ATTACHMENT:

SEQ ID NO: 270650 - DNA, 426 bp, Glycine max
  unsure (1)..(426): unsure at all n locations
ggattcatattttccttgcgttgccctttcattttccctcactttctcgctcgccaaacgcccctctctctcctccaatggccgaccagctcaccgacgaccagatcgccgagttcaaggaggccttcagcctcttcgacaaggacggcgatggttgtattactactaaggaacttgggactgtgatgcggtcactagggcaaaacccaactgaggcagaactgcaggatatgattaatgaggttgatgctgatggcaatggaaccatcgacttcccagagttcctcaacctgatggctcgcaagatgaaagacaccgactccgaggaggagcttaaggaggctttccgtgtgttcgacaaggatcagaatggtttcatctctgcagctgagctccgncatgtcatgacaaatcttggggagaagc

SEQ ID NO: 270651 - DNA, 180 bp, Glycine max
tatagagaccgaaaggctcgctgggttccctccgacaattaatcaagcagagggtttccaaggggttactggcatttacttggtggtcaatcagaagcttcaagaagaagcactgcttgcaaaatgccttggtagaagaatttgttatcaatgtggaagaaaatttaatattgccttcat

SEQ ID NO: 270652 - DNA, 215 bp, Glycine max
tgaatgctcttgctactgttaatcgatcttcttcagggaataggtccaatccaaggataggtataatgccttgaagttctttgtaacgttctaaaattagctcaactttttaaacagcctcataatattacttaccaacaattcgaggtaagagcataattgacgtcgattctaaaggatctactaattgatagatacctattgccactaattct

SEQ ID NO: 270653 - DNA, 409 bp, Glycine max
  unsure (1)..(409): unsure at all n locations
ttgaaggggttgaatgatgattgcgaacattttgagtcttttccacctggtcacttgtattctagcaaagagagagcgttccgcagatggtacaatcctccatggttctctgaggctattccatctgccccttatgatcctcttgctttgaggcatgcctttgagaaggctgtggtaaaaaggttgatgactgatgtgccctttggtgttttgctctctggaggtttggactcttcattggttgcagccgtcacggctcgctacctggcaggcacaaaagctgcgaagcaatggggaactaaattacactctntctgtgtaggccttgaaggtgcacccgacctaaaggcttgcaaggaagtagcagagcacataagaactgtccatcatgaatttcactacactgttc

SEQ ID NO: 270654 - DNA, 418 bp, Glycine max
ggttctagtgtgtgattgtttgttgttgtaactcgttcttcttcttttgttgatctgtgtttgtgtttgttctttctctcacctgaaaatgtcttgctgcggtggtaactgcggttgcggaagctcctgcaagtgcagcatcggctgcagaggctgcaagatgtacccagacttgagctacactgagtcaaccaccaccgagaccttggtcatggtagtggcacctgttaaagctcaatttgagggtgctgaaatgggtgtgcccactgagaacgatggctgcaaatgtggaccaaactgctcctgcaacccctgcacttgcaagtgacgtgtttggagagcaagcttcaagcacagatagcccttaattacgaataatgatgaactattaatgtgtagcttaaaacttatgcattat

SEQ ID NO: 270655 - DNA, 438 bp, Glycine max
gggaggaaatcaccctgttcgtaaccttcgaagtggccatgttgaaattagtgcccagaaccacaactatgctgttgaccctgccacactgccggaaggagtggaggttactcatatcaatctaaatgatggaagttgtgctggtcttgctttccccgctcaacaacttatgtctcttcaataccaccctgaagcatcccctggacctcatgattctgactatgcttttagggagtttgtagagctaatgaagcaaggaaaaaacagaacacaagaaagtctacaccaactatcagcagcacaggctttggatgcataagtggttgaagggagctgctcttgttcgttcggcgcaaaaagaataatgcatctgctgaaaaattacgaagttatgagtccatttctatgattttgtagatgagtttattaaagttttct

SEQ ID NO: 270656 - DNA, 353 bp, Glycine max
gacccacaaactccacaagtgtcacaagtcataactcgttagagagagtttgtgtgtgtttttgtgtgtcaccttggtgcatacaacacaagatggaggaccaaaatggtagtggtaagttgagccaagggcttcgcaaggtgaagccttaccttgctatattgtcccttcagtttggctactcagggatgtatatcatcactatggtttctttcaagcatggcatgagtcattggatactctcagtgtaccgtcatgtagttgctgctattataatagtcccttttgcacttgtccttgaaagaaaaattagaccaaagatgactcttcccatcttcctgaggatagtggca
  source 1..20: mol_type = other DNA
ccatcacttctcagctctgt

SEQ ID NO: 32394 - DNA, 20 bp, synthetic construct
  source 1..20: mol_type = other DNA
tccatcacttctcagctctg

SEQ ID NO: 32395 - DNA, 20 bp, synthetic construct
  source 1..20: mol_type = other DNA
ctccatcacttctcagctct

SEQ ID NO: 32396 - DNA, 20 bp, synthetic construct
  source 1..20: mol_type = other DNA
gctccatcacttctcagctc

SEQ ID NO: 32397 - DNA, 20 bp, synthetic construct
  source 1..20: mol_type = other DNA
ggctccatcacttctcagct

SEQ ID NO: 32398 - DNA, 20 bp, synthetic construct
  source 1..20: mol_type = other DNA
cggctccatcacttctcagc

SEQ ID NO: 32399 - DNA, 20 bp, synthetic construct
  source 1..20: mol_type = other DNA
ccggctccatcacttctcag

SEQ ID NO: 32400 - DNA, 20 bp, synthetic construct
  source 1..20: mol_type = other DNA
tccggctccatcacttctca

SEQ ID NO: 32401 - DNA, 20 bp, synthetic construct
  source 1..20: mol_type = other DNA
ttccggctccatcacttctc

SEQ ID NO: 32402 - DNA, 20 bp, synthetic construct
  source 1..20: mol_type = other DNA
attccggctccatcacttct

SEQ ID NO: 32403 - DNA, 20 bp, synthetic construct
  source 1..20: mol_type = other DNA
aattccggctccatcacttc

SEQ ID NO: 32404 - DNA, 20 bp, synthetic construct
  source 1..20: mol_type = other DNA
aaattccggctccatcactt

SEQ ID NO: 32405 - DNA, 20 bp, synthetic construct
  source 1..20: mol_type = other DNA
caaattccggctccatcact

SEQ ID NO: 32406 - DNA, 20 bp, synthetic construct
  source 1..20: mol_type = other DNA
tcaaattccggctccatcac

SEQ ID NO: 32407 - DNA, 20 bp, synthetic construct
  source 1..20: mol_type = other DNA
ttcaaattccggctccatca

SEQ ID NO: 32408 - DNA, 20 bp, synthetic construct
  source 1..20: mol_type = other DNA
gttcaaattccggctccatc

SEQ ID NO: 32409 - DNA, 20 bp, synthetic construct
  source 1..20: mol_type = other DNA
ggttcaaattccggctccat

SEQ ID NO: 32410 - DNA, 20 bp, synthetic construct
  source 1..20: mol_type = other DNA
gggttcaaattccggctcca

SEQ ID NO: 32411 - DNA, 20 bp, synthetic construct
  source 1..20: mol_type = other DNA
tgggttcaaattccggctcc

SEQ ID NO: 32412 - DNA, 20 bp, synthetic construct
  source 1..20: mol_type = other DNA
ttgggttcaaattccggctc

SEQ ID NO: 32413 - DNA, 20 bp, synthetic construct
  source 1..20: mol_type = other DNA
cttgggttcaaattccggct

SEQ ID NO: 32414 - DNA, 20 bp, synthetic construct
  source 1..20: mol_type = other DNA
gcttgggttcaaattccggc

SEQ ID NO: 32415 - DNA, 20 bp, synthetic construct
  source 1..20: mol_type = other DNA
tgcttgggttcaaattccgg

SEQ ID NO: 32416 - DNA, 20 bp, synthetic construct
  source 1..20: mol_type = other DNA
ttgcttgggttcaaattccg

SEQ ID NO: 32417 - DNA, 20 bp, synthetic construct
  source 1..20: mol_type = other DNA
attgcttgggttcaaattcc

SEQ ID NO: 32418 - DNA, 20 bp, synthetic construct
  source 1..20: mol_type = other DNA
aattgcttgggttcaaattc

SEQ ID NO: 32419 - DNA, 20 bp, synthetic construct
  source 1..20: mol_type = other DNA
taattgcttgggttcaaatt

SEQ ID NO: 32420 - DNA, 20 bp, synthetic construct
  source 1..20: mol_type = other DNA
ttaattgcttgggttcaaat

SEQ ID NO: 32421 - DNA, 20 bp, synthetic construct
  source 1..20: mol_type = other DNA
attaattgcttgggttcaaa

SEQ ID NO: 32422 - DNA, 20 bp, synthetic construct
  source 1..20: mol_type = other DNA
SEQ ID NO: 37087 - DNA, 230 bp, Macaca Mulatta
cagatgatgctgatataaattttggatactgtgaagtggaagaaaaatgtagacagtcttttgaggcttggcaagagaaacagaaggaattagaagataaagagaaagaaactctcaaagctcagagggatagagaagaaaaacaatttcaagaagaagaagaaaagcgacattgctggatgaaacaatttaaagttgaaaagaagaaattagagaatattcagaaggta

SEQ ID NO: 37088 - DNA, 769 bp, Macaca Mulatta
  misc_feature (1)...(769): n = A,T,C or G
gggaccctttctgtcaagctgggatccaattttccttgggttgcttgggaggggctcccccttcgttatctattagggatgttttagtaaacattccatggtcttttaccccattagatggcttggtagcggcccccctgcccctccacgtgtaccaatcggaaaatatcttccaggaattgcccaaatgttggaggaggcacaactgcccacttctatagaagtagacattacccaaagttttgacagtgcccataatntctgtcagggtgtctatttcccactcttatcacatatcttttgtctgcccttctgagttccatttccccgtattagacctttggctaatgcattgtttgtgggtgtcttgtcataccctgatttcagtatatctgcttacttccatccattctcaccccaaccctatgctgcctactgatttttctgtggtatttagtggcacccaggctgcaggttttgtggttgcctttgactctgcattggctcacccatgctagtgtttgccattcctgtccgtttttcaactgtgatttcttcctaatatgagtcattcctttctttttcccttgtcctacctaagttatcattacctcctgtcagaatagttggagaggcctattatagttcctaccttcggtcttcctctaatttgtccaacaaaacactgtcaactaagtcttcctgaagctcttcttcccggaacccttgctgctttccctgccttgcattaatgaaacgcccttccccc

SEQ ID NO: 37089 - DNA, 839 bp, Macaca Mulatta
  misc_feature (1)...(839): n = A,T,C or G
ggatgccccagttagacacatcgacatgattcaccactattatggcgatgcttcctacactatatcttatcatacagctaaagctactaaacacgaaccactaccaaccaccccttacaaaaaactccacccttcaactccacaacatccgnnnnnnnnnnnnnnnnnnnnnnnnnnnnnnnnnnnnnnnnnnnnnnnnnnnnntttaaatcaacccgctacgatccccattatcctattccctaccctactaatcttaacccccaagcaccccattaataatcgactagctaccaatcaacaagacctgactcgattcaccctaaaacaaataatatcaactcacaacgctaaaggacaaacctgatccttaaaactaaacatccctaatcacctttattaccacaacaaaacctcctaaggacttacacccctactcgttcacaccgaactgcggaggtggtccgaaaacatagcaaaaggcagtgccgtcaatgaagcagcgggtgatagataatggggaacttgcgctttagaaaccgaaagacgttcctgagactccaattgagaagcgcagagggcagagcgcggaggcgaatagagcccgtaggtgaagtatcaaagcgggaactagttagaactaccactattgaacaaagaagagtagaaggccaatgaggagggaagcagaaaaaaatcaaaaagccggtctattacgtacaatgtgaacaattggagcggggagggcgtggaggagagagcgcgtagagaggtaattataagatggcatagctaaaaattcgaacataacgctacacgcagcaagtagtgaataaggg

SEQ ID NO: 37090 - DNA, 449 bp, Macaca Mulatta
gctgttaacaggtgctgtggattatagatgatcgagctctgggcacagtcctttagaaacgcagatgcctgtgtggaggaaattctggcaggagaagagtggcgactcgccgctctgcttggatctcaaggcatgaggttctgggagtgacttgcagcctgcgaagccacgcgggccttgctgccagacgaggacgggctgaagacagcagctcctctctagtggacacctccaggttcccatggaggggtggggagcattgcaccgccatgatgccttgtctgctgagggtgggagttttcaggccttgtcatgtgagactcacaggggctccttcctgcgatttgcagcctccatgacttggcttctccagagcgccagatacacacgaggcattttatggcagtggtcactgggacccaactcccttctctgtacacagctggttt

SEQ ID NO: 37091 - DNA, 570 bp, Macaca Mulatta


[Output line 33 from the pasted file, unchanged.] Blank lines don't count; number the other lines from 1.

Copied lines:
cggctccatcacttctcagc